Sunday, March 22, 2020

The Late, Great Gabby Hayes

By Timothy England

Gabby Hayes, born George Francis Hayes, was a well loved and admired American actor, best known for his role as sidekick to Hopalong Cassidy and Roy Rogers during the 1930's and 1940's. Gabby, born on May 7, 1885, was the third of seven children, raised by his father, Clark Hayes, in Stannards, New York, a small hamlet located on the outskirts of Wellsville, New York. His father owned the Hayes Hotel.

As a young man, Gabby worked in a circus and as a teen he played semi-pro baseball. However, in 1902, he ran away from home at the age of 17. It was then that he joined a touring stock company and in 1914, he married Olive Ireland, the daughter of a glass finisher from New Jersey. Together they became successful in Vaudeville. Ireland playing the part of Dorothy Earle.

Hills of Old Wyoming (1937) w/Hopalong Cassidy

Because of Gabby's success, he purchased a home on Long Island in Baldwin, NY. Armed with a small fortune, in 1928, he retired at the age of 43. The following year, however, because of the 1929 stock market crash, Gabby lost his fortune, forcing him to return to the art of acting.

Olive convinced Gabby to pull up stake and move to Los Angeles, California, where he found gainful and steady employment in films. It was here that he met producer Trem (Tremlet C.) Carr, resulting in his playing lots of roles in Westerns as well as other kinds of movies—30, in fact, over a six-year period. And finally, in the mid-1930s, he settled into what became an almost exclusive career in the Western venue.

Young Bill Hickok (1940) w/Roy Rogers

Olive and Gabby remained married until her death in July of 1957. However, neither Gabby or his wife Olive knew the joy of having children.

Gabby enjoyed fame and fortune from his association with Hopalong Cassidy.

“From 1935 to 1939, Hayes played the part of Windy Halliday, the humorous 'codger' sidekick of Hopalong Cassidy (played by William Boyd). In 1939, Hayes left that role at Paramount Pictures, in a dispute over his salary. and moved to Republic Pictures. Since Paramount held the rights to the name Windy Halliday, they renamed him Gabby Whitaker, in virtually the same role. As Gabby, he appeared in more than 40 films between 1939 and 1946, usually with Roy Rogers (44 times), but also with Gene Autry (7) and Wild Bill Elliott (14), often working under the directorship of Joseph Kane (34)“ (Wikipedia,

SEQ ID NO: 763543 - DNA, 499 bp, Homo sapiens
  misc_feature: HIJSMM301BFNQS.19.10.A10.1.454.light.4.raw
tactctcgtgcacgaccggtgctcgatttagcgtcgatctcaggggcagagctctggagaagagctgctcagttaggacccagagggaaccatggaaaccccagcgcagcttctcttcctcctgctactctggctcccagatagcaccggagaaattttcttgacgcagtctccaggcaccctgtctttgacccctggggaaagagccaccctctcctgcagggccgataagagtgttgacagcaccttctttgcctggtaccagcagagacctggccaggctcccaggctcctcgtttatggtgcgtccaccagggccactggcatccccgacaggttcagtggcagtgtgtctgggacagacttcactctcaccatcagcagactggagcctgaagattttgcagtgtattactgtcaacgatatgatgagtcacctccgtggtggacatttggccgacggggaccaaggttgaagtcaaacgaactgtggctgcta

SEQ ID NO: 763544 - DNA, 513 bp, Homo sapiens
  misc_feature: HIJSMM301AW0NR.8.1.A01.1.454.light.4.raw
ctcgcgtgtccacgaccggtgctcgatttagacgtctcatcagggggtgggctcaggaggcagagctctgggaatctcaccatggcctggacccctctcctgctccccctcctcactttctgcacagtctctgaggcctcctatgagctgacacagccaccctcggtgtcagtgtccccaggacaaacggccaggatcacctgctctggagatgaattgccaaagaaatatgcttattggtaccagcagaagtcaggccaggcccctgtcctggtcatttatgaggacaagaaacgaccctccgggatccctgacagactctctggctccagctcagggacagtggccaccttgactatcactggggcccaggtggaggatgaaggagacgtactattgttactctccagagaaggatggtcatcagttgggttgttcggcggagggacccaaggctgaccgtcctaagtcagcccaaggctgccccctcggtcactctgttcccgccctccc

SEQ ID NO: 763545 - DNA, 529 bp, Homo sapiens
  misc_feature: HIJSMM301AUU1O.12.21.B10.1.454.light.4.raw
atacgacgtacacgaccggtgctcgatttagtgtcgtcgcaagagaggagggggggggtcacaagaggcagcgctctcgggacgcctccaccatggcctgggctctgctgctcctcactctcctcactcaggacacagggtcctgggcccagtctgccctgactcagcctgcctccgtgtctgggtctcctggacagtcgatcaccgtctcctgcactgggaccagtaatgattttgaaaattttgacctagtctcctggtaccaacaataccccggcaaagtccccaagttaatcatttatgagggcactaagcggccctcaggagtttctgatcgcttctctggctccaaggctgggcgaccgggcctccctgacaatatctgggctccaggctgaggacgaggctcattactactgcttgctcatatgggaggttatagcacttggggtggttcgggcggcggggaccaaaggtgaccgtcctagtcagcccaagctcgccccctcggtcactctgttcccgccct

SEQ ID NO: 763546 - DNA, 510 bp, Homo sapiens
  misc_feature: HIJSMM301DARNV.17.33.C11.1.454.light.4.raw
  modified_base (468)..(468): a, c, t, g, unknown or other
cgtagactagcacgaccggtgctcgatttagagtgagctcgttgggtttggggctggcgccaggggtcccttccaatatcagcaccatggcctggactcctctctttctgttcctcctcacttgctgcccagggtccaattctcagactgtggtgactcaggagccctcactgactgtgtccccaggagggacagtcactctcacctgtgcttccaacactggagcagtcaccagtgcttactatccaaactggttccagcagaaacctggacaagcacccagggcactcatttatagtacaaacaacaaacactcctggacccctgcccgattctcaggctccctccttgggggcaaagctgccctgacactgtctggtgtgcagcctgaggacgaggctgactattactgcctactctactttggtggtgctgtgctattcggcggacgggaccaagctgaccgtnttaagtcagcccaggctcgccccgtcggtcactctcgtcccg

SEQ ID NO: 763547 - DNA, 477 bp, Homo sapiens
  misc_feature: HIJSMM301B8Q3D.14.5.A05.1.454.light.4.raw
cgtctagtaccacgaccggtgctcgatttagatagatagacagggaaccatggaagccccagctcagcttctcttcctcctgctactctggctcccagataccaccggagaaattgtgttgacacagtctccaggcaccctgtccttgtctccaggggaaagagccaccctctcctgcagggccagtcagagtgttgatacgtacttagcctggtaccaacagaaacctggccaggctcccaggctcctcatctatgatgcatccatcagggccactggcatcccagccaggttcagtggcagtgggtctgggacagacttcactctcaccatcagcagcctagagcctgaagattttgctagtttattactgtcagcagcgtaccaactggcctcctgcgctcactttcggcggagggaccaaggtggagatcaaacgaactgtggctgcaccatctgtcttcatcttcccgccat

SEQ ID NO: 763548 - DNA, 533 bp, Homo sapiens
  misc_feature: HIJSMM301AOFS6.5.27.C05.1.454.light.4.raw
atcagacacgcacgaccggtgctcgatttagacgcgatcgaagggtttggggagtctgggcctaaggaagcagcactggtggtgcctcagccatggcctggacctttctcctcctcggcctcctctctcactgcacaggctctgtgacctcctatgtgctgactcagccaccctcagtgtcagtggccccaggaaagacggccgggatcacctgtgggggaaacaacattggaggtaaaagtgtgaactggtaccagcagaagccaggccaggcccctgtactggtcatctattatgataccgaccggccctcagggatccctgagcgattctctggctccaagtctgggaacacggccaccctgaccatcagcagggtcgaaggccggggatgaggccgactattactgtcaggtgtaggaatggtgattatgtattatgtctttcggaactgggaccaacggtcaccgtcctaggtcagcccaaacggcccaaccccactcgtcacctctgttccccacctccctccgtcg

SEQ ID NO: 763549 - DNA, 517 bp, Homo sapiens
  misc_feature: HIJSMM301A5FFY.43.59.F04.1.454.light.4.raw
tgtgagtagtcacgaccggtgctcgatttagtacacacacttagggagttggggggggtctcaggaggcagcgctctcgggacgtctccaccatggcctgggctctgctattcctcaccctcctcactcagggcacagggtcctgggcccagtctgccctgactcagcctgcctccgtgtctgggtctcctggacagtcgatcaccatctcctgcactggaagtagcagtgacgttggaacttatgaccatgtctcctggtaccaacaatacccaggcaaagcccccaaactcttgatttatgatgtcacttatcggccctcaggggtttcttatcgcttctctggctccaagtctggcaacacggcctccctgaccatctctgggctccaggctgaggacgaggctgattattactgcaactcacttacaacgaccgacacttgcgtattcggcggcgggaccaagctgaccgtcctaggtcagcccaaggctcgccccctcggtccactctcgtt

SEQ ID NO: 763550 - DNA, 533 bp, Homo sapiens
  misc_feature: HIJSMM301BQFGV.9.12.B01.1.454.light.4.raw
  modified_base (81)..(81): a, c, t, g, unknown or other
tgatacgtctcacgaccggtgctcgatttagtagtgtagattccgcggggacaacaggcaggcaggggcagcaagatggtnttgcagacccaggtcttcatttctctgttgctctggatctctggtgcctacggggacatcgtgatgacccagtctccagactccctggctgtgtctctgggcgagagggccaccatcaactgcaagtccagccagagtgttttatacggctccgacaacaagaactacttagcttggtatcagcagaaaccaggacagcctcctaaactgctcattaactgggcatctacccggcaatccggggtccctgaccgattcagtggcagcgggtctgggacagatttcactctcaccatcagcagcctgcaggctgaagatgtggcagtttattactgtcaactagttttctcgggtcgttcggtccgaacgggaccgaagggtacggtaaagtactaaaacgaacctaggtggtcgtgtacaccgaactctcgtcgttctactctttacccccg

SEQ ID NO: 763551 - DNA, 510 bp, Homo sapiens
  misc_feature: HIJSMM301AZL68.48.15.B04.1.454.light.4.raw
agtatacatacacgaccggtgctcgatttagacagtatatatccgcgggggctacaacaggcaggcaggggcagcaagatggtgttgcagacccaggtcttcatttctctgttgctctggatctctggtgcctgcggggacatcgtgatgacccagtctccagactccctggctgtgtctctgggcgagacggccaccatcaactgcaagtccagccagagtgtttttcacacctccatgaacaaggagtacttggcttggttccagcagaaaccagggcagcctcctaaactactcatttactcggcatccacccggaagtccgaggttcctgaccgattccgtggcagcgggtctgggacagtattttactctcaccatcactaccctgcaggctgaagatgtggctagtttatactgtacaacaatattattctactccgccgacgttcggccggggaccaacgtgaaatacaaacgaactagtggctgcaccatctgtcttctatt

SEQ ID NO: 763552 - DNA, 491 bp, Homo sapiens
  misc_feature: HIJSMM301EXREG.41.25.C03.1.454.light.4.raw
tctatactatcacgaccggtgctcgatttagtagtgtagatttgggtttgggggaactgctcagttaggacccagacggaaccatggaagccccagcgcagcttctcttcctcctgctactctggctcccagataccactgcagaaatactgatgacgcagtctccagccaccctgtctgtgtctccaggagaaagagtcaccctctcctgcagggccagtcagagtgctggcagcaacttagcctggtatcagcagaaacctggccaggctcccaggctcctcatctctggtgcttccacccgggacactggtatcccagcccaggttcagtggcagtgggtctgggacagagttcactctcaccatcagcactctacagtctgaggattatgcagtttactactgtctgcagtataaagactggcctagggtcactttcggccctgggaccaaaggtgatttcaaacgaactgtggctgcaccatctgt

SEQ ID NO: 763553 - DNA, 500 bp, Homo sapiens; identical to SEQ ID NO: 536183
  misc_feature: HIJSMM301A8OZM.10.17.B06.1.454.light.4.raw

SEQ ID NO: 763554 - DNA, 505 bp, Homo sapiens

South of Santa Fe (1942) w/Roy Rogers

As a sidekick, he was one of only a select few to be placed on the list of “Top Ten Western Boxoffice Stars,” which he did repeatedly. In the early days of Gabby's career, he went back and forth from a comic-relief sidekick with whiskers to that of a clean-shaven bad guy. By the late 1930s, however, he worked almost exclusively as a Western sidekick with movie stars such as Roy Rogers, John Wayne, and Randolph Scott.

After his last film in 1950, he starred as the host of a network television show devoted to stories of the Old West for children: “The Gabby Hayes Show." For the remainder of his life, Gabby had a 10-unit apartment building located in North Hollywood, California, that he lived in and managed. He also focused on his investments. In February, 1969, he was admitted to Saint Joseph Hospital in Burbank where he was being treated for cardiovascular problems when he passed away. He was laid to rest in Forest Lawn—Hollywood Hills Cemetery in Los Angeles, California.

About the Author
On the family farm just outside Nashville, Timothy England grew up surrounded by the beautiful Tennessee hillside where his imagination loved to roam.

His lifelong love of westerns has culminated in his debut novel, Track Down, the first installment in his series centering around US Marshall Jake Boone. To date, Timothy, under the pseudonym Jess Bryan, has written four books, all of them available from Amazon.

Timothy is the author of Track Down, a Western thriller. As United States Marshall, Jake Boone, is hot on the trail of the dangerous Stanton, circumstance pushes his skills and his wits to the limits. Will he be able to live up to his own legend and keep things safe? Or has 'Killer Jake' met his match finally? For more information on this and three other books written by Timothy English, go to:

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